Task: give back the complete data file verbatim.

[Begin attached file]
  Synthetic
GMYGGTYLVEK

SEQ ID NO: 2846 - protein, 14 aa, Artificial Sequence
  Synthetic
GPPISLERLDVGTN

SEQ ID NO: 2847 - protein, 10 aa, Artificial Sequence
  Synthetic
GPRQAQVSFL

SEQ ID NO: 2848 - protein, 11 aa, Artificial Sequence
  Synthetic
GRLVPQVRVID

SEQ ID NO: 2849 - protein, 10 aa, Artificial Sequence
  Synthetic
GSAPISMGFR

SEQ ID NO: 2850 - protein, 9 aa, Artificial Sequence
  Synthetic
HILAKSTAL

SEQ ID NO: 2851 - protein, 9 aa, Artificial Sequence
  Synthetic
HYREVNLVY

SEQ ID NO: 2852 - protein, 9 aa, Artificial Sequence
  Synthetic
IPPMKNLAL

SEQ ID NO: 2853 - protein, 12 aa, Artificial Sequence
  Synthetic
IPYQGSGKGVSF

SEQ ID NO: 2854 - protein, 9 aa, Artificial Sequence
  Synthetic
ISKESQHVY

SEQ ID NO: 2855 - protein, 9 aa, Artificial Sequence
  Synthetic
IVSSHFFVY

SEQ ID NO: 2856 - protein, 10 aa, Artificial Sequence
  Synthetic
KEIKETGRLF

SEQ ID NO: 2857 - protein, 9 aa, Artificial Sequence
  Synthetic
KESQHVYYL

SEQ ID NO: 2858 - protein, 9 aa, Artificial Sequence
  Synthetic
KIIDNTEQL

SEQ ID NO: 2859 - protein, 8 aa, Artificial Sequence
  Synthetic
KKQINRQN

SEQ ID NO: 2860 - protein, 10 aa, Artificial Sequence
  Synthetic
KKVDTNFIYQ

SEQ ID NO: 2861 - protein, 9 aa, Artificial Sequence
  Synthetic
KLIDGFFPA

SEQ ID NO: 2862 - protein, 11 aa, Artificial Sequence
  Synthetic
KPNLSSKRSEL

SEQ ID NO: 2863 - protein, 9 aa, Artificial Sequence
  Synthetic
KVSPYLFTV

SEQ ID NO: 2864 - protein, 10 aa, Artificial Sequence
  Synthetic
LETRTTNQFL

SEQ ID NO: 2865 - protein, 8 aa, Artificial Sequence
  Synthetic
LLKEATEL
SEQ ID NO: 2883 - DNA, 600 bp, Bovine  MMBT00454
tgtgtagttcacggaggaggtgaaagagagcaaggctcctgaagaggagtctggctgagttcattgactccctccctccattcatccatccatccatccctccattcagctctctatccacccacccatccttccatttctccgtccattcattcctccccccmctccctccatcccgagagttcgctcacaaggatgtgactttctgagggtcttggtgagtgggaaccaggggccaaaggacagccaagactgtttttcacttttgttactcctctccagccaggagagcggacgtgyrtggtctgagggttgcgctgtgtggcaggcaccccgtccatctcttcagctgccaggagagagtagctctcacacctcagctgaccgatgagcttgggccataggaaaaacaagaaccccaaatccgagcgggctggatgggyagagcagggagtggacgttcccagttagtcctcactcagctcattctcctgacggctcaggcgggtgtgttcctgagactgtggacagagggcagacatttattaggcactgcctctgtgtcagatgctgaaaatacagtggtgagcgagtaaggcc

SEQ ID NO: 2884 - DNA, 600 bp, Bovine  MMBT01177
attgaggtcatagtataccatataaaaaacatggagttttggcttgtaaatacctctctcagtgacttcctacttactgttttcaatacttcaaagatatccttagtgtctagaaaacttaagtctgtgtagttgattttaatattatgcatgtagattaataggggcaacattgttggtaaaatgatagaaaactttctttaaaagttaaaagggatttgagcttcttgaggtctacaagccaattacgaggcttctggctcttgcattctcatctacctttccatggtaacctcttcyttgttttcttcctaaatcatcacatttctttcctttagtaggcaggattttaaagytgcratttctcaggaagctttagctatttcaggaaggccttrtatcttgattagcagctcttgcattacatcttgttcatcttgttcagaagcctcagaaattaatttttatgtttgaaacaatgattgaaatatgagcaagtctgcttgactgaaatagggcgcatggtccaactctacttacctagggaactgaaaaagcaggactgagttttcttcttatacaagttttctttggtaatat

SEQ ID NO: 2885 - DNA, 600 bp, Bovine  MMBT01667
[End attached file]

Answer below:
  Synthetic
GMYGGTYLVEK

SEQ ID NO: 2846 - protein, 14 aa, Artificial Sequence
  Synthetic
GPPISLERLDVGTN

SEQ ID NO: 2847 - protein, 10 aa, Artificial Sequence
  Synthetic
GPRQAQVSFL

SEQ ID NO: 2848 - protein, 11 aa, Artificial Sequence
  Synthetic
GRLVPQVRVID

SEQ ID NO: 2849 - protein, 10 aa, Artificial Sequence
  Synthetic
GSAPISMGFR

SEQ ID NO: 2850 - protein, 9 aa, Artificial Sequence
  Synthetic
HILAKSTAL

SEQ ID NO: 2851 - protein, 9 aa, Artificial Sequence
  Synthetic
HYREVNLVY

SEQ ID NO: 2852 - protein, 9 aa, Artificial Sequence
  Synthetic
IPPMKNLAL

SEQ ID NO: 2853 - protein, 12 aa, Artificial Sequence
  Synthetic
IPYQGSGKGVSF

SEQ ID NO: 2854 - protein, 9 aa, Artificial Sequence
  Synthetic
ISKESQHVY

SEQ ID NO: 2855 - protein, 9 aa, Artificial Sequence
  Synthetic
IVSSHFFVY

SEQ ID NO: 2856 - protein, 10 aa, Artificial Sequence
  Synthetic
KEIKETGRLF

SEQ ID NO: 2857 - protein, 9 aa, Artificial Sequence
  Synthetic
KESQHVYYL

SEQ ID NO: 2858 - protein, 9 aa, Artificial Sequence
  Synthetic
KIIDNTEQL

SEQ ID NO: 2859 - protein, 8 aa, Artificial Sequence
  Synthetic
KKQINRQN

SEQ ID NO: 2860 - protein, 10 aa, Artificial Sequence
  Synthetic
KKVDTNFIYQ

SEQ ID NO: 2861 - protein, 9 aa, Artificial Sequence
  Synthetic
KLIDGFFPA

SEQ ID NO: 2862 - protein, 11 aa, Artificial Sequence
  Synthetic
KPNLSSKRSEL

SEQ ID NO: 2863 - protein, 9 aa, Artificial Sequence
  Synthetic
KVSPYLFTV

SEQ ID NO: 2864 - protein, 10 aa, Artificial Sequence
  Synthetic
LETRTTNQFL

SEQ ID NO: 2865 - protein, 8 aa, Artificial Sequence
  Synthetic
LLKEATEL
SEQ ID NO: 2883 - DNA, 600 bp, Bovine  MMBT00454
tgtgtagttcacggaggaggtgaaagagagcaaggctcctgaagaggagtctggctgagttcattgactccctccctccattcatccatccatccatccctccattcagctctctatccacccacccatccttccatttctccgtccattcattcctccccccmctccctccatcccgagagttcgctcacaaggatgtgactttctgagggtcttggtgagtgggaaccaggggccaaaggacagccaagactgtttttcacttttgttactcctctccagccaggagagcggacgtgyrtggtctgagggttgcgctgtgtggcaggcaccccgtccatctcttcagctgccaggagagagtagctctcacacctcagctgaccgatgagcttgggccataggaaaaacaagaaccccaaatccgagcgggctggatgggyagagcagggagtggacgttcccagttagtcctcactcagctcattctcctgacggctcaggcgggtgtgttcctgagactgtggacagagggcagacatttattaggcactgcctctgtgtcagatgctgaaaatacagtggtgagcgagtaaggcc

SEQ ID NO: 2884 - DNA, 600 bp, Bovine  MMBT01177
attgaggtcatagtataccatataaaaaacatggagttttggcttgtaaatacctctctcagtgacttcctacttactgttttcaatacttcaaagatatccttagtgtctagaaaacttaagtctgtgtagttgattttaatattatgcatgtagattaataggggcaacattgttggtaaaatgatagaaaactttctttaaaagttaaaagggatttgagcttcttgaggtctacaagccaattacgaggcttctggctcttgcattctcatctacctttccatggtaacctcttcyttgttttcttcctaaatcatcacatttctttcctttagtaggcaggattttaaagytgcratttctcaggaagctttagctatttcaggaaggccttrtatcttgattagcagctcttgcattacatcttgttcatcttgttcagaagcctcagaaattaatttttatgtttgaaacaatgattgaaatatgagcaagtctgcttgactgaaatagggcgcatggtccaactctacttacctagggaactgaaaaagcaggactgagttttcttcttatacaagttttctttggtaatat

SEQ ID NO: 2885 - DNA, 600 bp, Bovine  MMBT01667